Needless to say, this flies in the face of the prevalent cultural and moral relativism which (falsely) states that there is no truth, no one thing is better or worse than the other, and that the only things we humans can do is pursue what makes us individually happy with occasional consensus over things that are seen as “bad” but which are predictably inconsistent and constantly changing. In this view, our mirage from the previous metaphor would be presented as equally satisfying as the oasis and what you wanted to choose was up to you and was really none of my business. If I like the water I drink the water, if you like the mirage you sit comfortably in the mirage. No one way is hailed as right, no one way is hailed as wrong.
It doesn’t sound problematic at first and perhaps even comes across as open minded. The issue only arises is if you truly believe in your heart that one way is better than the other. That one way leads to life in Christ and the other to spiritual death. That one way leads to joy the other only to a pain and emptiness. In other words, the water of life is the only thing that can truly satisfy whereas the mirage leads to death. The truth in this instance is not relative but inescapable, that each and every person needs water to live and every mirage inevitably comes to end leaving you with nothing but a barren desert. This holds true for the spiritual life as well.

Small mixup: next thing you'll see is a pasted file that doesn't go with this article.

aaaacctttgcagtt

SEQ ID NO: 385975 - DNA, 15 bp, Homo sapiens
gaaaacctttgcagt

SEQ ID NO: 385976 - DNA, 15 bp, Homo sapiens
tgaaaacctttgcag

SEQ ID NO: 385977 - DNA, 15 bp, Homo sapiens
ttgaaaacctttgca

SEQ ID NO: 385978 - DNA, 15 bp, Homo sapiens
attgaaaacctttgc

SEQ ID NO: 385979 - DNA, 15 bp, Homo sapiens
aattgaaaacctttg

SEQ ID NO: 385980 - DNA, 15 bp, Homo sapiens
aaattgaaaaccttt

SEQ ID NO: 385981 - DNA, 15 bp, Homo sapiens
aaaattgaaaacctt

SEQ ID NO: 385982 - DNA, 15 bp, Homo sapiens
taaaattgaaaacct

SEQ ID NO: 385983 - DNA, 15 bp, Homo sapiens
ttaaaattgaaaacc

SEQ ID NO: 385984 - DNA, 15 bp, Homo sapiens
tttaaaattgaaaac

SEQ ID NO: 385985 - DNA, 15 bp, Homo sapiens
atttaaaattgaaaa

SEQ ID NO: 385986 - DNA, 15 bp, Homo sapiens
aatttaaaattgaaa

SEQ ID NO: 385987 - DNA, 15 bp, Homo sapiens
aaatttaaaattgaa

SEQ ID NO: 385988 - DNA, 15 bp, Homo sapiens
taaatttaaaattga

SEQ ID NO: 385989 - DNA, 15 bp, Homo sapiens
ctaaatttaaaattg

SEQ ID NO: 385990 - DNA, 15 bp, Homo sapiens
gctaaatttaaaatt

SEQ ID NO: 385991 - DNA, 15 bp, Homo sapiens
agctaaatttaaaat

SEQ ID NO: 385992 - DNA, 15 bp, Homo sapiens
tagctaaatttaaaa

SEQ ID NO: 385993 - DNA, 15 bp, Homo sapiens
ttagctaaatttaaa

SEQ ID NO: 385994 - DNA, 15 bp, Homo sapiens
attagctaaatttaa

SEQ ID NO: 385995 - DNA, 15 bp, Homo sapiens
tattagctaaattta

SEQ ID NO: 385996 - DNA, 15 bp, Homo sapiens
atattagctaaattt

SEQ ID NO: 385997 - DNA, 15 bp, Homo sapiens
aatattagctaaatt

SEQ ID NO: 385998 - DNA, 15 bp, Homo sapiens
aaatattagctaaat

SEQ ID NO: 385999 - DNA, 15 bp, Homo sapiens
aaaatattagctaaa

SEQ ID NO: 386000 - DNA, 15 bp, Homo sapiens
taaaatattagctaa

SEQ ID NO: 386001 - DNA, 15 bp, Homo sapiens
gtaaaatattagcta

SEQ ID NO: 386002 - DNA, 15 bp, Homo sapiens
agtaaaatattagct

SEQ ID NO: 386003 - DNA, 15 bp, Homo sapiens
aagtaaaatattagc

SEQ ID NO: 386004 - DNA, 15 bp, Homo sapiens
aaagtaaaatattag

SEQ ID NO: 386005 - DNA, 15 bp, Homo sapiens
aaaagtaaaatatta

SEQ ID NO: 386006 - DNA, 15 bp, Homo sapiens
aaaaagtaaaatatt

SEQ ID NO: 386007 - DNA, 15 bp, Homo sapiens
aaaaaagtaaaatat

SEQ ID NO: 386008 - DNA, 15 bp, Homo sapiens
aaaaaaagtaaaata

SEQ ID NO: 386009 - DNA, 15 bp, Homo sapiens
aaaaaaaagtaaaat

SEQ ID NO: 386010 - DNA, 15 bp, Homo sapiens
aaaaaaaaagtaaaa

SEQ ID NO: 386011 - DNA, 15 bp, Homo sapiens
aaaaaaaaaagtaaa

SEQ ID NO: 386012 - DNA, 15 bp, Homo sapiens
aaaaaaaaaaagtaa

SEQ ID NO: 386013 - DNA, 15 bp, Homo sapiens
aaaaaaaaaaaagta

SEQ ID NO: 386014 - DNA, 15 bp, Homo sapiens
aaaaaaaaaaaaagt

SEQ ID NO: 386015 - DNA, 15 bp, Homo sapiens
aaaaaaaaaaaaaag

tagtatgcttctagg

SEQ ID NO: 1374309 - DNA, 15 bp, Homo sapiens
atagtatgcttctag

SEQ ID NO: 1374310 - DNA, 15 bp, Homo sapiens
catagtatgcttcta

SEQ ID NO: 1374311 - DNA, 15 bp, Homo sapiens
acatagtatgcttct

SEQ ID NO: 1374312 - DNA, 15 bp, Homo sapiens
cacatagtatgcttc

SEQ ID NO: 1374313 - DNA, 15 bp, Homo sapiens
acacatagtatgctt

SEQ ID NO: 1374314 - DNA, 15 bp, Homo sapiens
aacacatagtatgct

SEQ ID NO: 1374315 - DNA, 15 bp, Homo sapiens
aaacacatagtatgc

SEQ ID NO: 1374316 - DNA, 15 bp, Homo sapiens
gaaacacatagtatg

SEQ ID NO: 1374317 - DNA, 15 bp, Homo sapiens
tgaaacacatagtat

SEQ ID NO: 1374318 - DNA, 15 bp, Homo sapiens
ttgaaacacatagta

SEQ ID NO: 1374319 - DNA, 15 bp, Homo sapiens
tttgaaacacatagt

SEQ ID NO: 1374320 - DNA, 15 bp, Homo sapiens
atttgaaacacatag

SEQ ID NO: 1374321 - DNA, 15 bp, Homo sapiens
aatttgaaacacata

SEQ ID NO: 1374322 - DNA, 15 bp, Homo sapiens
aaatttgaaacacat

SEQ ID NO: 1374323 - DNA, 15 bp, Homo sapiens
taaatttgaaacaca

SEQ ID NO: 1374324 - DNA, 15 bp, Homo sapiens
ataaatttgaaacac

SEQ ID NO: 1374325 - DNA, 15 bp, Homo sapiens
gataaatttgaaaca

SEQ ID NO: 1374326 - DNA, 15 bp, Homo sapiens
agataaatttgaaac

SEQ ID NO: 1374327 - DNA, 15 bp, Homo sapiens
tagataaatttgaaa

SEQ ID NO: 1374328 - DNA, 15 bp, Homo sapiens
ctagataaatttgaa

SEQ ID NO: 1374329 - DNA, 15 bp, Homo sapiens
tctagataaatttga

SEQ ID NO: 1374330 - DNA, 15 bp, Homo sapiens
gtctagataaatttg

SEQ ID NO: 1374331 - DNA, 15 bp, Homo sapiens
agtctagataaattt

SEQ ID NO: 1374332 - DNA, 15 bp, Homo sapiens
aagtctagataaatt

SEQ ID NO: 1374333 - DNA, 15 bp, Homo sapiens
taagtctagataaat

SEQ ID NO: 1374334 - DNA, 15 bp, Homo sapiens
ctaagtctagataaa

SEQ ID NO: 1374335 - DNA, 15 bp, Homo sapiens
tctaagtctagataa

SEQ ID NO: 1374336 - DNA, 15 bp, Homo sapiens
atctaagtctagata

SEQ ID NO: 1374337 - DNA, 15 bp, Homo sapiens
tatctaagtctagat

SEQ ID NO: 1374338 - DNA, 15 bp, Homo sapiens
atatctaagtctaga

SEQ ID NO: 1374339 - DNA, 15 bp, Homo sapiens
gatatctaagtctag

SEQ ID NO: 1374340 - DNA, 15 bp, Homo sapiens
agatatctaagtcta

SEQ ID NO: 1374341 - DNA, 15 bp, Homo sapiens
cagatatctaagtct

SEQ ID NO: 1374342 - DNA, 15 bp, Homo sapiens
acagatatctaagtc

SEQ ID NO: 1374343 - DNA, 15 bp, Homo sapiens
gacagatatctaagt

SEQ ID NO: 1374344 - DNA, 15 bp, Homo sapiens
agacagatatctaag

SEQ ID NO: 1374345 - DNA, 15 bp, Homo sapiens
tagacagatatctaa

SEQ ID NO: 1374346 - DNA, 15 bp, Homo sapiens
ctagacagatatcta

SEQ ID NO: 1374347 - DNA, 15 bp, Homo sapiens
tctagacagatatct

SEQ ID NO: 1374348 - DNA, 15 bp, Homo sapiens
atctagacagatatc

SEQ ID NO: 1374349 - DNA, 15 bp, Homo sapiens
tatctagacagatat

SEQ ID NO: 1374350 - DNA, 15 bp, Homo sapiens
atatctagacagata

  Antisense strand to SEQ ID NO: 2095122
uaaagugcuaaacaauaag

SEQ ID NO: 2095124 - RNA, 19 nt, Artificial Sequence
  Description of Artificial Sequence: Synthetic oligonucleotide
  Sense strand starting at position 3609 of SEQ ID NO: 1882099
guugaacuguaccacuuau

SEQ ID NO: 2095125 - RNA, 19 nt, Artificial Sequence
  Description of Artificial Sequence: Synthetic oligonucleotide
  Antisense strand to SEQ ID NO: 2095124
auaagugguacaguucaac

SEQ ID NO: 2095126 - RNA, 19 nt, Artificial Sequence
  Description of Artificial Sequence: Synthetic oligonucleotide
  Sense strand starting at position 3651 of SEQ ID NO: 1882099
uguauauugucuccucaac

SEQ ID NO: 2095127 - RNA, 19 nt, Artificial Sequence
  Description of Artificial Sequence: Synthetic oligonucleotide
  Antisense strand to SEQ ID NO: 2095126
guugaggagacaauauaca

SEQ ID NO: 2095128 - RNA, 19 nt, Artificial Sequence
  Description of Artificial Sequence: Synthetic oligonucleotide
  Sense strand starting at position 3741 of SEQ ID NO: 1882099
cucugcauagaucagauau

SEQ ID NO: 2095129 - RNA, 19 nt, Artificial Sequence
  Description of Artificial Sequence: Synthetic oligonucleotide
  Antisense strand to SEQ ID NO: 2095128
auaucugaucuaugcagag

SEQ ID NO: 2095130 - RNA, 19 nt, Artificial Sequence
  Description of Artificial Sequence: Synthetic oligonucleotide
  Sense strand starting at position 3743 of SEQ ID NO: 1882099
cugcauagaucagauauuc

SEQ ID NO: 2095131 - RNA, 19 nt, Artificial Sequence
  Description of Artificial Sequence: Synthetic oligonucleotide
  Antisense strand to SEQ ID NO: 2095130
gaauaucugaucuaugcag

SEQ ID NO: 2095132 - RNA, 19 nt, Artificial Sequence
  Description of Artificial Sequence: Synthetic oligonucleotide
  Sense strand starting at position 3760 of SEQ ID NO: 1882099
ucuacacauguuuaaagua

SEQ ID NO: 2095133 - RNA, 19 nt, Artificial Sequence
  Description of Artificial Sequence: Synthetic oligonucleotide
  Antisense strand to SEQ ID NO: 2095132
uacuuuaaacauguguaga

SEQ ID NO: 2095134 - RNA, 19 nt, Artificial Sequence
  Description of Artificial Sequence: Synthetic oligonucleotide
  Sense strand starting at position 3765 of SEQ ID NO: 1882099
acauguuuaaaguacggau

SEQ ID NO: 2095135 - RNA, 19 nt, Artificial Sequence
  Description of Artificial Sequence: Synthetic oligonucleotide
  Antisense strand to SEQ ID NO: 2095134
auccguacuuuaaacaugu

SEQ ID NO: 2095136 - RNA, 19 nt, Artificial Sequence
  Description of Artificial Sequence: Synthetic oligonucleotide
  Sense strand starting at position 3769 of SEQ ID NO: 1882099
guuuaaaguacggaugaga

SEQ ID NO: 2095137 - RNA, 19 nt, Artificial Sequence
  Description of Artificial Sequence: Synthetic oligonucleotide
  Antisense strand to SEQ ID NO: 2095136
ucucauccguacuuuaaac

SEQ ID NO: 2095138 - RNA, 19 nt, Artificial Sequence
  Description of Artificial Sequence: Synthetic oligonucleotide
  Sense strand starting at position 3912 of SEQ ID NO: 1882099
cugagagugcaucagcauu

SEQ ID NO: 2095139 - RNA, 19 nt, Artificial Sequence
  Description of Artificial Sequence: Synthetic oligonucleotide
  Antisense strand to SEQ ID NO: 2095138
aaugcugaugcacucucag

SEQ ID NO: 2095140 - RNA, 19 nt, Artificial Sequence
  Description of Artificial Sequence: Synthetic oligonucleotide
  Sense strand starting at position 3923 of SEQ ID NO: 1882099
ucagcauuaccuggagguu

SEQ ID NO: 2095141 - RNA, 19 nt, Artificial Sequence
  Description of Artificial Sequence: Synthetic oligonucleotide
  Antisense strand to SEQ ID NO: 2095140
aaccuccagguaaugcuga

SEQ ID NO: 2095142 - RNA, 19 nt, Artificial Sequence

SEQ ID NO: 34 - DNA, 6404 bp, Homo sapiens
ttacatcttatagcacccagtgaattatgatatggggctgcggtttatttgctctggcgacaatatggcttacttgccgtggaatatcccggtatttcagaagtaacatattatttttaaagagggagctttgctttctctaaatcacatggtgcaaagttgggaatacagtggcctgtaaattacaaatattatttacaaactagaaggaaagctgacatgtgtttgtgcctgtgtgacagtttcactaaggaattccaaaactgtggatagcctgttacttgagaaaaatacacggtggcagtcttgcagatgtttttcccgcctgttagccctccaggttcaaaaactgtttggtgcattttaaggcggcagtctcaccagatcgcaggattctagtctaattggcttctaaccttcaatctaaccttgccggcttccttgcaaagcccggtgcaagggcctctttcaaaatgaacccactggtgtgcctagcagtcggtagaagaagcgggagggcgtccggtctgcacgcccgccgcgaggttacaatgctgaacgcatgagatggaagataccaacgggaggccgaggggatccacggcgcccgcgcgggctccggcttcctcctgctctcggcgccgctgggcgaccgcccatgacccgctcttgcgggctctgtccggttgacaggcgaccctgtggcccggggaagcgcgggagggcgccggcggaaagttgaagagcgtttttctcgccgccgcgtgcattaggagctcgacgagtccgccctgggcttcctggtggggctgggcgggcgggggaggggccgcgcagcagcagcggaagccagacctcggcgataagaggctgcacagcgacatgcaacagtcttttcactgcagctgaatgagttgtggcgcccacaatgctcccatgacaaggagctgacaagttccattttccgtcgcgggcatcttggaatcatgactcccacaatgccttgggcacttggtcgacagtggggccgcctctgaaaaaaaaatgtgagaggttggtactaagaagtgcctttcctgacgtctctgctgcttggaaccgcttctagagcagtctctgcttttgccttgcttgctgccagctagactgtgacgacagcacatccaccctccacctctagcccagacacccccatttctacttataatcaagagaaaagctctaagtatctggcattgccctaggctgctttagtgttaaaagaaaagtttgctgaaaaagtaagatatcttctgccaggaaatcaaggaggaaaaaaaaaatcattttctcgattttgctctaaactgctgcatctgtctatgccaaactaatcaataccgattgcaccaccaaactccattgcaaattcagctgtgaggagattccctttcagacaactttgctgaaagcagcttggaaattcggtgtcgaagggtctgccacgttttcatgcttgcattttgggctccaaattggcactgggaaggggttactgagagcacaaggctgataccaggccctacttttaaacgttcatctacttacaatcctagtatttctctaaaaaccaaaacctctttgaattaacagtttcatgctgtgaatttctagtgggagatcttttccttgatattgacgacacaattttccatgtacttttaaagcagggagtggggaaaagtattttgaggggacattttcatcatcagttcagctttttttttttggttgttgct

My Christian hope is my hope of eternal salvation won for me by Christ Jesus, the fruits of which flower even now while I’m still an earthly pilgrim. However, to ignore the eternal salvation of my neighbor, to transform the monastic idea of St. Benedict into a “Benedict option” that says in effect “let the heathens perish in their desert” while Christians shift their focus to strengthing their own oasis feels not only uncharitable but a grossly irresponsible response to the truth and the love which God has so charitably shared with an insignificant sinner like me as well as my fellow Christians.
You are not obligated to agree with anything I ever write on this blog or be moved by any of the corny metaphors I employ to illustrate my point better. You have a free will that is a gift of God, inseparable from the human existence, and which I would in no way violate through coercion or fear tactics. However I cannot sit comfortably in my own little oasis, be content with just my own relationship with God, because love by its nature is meant to be shared and I have been blessed with such a profound experience of the ever faithful and merciful love of God that I will not cease to invite you to share in it and experience it for yourself for as long as I live because not only do I hope to live forever with God in heaven, I’d like to see you there too.
I have been doing a lot of spiritual reading lately for groups I’m part of and I keep seeing the phrase “most of us.”
Usually, when someone uses the phrase “most of us” in spiritual reading it is not because they are about to give most of us a compliment.
“Most of us” are not holy like the saints were.
“Most of us” do not pray enough.
“Most of us” don’t understand the beauty of the Mass.
“Most of us” don’t take the hard road.